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Thursday October 28th

'We have a lot of stories to tell': Theatre company tackles themes of diversity

<p>Students playing soldiers in Black Arts Theatre Company's (BATC's) "Black Girl, Interrupted" help Jared Bowen-Kauth, playing Kofi, stand up after being punched in the scene by Andrew Linden, playing Dr. Lanham, as director of the show and founder of BATC, Elizabeth Howard, watches on at rehearsal in Swain Hall on Monday, Oct. 28, 2019. Rehearsals for BATC's show, "Black Girl, Interrupted," are in full swing as the cast prepares for their performances on Nov. 7, 9, and 10.&nbsp;</p>
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Students playing soldiers in Black Arts Theatre Company's (BATC's) "Black Girl, Interrupted" help Jared Bowen-Kauth, playing Kofi, stand up after being punched in the scene by Andrew Linden, playing Dr. Lanham, as director of the show and founder of BATC, Elizabeth Howard, watches on at rehearsal in Swain Hall on Monday, Oct. 28, 2019. Rehearsals for BATC's show, "Black Girl, Interrupted," are in full swing as the cast prepares for their performances on Nov. 7, 9, and 10. 

UNC junior Liz Howard spent her summer looking for a play that spoke to her. Howard created Black Arts Theatre Company last year — and when she stumbled upon “Black Girl, Interrupted,” she knew she had found the company’s inaugural show. 

On Nov. 7, 9 and 10, Black Arts Theatre Company will produce its first play, “Black Girl, Interrupted,” in Swain Hall.

The show follows a Black New York Times journalist investigating a story about a female soldier’s death and the depths she goes to uncover the truth. 

“(The play) talks about violence against Black women, which is obviously something that's really important to me as a Black woman,” Howard said. “The violence that happens to us and is covered up or is just brushed off is still just as important. It also talks about microaggression, white privilege and themes that are very prevalent in our society today.”

“Black Girl, Interrupted” is a new show by LyaNisha Gonzalez. BATC is one of few companies to ever produce the show. UNC sophomore Lauren Ragsdale said this made being in the play a once-in-a-lifetime opportunity. 

“I especially like that it's never been done before (at UNC),” Ragsdale said. “Our director, Liz, was literally getting updated scripts as soon as the playwright was done. She was talking to her and it's a really new play that I think is going to have a really awesome message.”

The cast of “Black Girl, Interrupted” is mainly people of color. UNC junior Jared Bowen-Kauth said this aspect of the show appeals to him as an actor and a person of color. 

“I feel like up until recently, there have been rare opportunities for people of color to be in the arts at UNC,” Bowen-Kauth said. “Specifically, for people of color to feature in plays about themselves, about their struggles, about their history.”

Bowen-Kauth has been involved in theatre for years, and said “Black Girl, Interrupted” is the first show he has ever been in where he gets to portray an African-American man. 

“I think it’s a really rare opportunity for me to connect with a different side of me that I haven’t had the chance to before,” Bowen-Kauth said.

Howard said the actors’ race is important to the narrative because casting them allows for the play to teach audiences about experiences people of color have in real life. She said their race is a part of the story, and that it’s significant to have the actresses be Black women when telling the story of Black women.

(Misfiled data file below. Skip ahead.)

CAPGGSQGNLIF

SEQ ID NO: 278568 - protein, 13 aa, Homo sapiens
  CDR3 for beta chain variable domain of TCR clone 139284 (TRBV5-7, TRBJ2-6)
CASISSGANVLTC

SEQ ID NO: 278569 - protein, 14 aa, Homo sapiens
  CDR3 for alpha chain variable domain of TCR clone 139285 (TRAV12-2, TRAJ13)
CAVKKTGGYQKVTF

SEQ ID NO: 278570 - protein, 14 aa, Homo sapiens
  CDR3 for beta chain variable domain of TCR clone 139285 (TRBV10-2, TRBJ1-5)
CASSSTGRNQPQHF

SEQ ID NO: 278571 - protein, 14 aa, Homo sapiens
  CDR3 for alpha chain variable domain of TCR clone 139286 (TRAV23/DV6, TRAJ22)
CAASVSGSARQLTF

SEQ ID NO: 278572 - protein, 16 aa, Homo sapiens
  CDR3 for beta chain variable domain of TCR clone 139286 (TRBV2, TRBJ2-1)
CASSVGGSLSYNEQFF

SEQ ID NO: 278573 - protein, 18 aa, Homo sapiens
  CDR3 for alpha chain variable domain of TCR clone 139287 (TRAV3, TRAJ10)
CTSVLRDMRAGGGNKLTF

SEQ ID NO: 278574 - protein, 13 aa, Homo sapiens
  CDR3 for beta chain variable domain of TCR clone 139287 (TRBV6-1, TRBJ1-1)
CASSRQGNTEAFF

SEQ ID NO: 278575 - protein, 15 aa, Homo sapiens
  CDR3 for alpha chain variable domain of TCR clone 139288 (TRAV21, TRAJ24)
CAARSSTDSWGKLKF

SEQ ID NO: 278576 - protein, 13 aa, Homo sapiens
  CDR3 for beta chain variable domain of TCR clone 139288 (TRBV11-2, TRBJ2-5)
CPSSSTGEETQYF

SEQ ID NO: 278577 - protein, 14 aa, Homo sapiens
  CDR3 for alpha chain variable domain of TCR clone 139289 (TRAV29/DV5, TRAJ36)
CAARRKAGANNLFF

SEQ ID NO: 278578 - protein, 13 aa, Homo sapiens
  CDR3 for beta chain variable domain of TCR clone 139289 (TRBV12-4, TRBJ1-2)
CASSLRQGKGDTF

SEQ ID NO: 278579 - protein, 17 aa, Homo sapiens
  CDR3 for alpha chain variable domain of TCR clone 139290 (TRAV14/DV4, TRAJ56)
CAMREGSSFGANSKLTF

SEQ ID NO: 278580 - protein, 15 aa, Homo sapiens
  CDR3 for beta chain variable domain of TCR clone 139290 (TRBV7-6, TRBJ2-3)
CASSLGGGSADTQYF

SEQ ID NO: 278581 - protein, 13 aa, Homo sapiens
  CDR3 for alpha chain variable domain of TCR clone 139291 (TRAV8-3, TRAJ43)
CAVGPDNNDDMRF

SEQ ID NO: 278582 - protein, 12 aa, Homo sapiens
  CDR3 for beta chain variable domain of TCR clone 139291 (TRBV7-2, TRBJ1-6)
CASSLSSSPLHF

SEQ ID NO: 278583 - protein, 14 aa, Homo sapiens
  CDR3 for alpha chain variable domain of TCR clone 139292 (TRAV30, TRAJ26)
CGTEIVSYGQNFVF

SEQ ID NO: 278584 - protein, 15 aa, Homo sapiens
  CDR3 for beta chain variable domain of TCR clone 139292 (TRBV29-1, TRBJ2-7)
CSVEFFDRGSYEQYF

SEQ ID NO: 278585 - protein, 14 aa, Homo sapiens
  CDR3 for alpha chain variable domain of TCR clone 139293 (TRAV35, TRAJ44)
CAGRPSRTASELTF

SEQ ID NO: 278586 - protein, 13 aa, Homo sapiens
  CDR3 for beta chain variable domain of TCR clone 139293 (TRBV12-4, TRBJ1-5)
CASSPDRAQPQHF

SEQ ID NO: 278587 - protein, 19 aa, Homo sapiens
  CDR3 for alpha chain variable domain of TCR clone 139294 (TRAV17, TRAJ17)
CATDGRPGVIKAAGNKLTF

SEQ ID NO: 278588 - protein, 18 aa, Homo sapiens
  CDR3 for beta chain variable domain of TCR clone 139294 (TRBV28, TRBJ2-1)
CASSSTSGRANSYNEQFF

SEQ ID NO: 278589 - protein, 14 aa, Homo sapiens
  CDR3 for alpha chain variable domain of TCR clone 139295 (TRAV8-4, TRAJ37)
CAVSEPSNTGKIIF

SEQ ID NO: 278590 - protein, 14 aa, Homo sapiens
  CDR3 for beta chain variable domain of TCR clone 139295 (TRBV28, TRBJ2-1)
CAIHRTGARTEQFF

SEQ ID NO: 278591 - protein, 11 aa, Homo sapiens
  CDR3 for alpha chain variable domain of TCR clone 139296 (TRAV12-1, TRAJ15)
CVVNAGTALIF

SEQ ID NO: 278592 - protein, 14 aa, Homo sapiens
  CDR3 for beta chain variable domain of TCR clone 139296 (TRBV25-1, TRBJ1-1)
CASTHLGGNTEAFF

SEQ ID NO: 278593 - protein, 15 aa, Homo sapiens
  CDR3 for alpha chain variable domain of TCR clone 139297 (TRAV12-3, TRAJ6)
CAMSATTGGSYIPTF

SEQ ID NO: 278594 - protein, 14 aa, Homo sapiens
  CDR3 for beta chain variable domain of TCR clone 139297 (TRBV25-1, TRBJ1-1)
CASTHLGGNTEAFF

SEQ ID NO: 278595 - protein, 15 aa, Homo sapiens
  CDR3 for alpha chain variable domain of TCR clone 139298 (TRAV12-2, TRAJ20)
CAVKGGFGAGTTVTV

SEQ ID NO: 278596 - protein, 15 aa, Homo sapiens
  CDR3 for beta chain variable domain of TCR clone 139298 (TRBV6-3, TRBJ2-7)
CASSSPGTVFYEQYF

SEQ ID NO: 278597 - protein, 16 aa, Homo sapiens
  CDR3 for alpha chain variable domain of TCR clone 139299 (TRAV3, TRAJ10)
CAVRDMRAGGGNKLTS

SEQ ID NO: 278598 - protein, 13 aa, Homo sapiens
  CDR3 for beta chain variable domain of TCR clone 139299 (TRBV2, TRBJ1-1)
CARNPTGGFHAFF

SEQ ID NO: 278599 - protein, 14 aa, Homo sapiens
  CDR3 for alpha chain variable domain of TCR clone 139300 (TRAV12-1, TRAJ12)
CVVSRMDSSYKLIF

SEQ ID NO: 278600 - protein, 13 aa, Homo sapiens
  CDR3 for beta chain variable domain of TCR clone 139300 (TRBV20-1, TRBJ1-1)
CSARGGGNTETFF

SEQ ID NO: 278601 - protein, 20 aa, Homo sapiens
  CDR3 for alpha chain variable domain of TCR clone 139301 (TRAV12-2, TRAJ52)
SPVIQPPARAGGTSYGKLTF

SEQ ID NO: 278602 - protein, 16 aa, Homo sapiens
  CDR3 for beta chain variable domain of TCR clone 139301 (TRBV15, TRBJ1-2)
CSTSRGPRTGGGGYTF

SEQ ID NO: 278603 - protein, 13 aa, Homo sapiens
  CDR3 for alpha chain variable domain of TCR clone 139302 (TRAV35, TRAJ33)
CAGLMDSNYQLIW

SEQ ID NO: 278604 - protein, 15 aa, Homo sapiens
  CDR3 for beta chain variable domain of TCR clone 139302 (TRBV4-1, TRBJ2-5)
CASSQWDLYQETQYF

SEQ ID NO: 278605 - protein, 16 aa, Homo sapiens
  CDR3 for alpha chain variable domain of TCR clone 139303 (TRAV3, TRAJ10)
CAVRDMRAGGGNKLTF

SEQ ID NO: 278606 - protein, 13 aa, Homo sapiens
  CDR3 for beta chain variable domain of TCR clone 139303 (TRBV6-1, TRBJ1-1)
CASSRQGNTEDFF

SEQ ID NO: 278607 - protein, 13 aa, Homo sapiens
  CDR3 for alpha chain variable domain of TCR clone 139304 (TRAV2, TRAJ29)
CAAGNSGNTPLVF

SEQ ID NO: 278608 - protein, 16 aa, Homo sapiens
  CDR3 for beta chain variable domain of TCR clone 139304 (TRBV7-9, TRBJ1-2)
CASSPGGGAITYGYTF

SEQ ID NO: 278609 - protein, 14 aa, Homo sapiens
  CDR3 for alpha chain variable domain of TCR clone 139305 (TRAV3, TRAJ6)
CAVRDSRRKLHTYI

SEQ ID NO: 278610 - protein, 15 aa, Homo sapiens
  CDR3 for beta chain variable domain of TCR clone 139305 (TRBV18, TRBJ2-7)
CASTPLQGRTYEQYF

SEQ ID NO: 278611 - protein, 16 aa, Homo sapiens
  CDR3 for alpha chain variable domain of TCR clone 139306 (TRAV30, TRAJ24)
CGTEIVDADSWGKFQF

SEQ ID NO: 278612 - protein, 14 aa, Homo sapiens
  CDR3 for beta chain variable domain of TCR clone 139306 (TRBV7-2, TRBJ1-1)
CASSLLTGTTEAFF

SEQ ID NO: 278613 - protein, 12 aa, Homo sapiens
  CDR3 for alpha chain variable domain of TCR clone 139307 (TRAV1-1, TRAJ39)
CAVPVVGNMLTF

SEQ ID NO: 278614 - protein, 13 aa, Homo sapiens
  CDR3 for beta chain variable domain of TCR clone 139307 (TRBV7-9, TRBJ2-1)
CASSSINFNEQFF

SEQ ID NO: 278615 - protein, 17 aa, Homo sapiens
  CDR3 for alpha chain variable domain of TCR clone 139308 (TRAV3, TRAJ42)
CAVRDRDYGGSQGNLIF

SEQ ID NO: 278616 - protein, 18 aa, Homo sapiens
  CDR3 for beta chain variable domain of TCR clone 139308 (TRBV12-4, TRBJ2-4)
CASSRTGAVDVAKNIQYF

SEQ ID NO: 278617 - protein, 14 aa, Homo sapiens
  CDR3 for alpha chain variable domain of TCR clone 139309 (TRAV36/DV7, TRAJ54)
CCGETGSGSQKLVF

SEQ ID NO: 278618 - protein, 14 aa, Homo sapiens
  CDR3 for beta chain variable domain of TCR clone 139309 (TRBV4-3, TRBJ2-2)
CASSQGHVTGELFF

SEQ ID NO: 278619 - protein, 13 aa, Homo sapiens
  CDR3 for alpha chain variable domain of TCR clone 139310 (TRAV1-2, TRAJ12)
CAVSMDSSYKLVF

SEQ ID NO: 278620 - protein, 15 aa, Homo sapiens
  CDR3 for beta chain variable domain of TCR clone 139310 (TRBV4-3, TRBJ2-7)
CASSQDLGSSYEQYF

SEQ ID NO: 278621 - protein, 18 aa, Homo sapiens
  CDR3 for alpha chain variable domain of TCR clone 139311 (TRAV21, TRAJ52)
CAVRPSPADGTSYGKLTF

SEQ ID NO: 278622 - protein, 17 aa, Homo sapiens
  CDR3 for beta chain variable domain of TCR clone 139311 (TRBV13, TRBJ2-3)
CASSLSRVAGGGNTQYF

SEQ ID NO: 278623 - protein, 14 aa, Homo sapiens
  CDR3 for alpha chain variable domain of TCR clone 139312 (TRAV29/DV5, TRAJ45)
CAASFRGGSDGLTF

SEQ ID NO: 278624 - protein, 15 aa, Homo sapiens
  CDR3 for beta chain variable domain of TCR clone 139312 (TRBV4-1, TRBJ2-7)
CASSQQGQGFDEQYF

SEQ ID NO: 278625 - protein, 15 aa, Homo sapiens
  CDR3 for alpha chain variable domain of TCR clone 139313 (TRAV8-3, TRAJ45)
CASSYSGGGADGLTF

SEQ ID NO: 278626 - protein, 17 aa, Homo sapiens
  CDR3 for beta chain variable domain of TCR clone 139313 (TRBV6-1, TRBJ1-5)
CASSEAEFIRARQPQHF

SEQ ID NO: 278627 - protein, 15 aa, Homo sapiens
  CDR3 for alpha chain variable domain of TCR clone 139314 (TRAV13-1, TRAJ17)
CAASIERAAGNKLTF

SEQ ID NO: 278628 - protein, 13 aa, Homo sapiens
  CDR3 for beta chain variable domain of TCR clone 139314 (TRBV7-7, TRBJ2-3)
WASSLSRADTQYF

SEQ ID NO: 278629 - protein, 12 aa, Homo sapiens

“Just doing shows with narratives and storylines like that and having Black folk be kind of the center of it is important because it shows that we're not just all on one note, we're not just one thing,” Howard said. “We're multifaceted, we're multidimensional and we have a lot of stories to tell.”

“Black Girl, Interrupted” also features new faces to UNC theater. One new face is Ragsdale: she said she auditioned because she wanted to meet more people in the theater community. 

Since Ragsdale joined the cast, she said she has made some great friends and that the cast is like a family.

“Every time I come into rehearsal, we're all messing around and playing games and it's so much fun,” Ragsdale said. “We've all learned different things from each other, and we've been able to work together really, really well because we all bring different things to the table. That definitely has had an effect on my acting and also my perspectives on life and the way I behave and act towards other people.”

The cast and crew has worked since the beginning of the school year to produce “Black Girl, Interrupted,” and Howard said what she hopes audiences leave with the knowledge to be active listeners with stories of trauma.

Bowen-Kauth said a theme is a lack of Black female voices, and that he hopes the show will teach audiences to help women to speak up.  

“A lot of females in this show are victims of sexual assault, so I think that’s another really big theme of the show,” Bowen-Kauth said. “I think it’s important that we recognize that these things can happen anywhere, to anyone, specifically women of color, and that we’re not really taking advantage of doing anything about it.” 

Howard said working on the show has influenced her, especially as a survivor of sexual assault who understands the situations the characters go through in the play. She said the messages the show produces have really stuck with her.

“I hope the show helps students to realize how Black people are just so diverse in everything that we do and kinda just introduce a narrative like that to the community that we haven't really seen before,” Howard said. 

@lizw_outwheels

arts@dailytarheel.com

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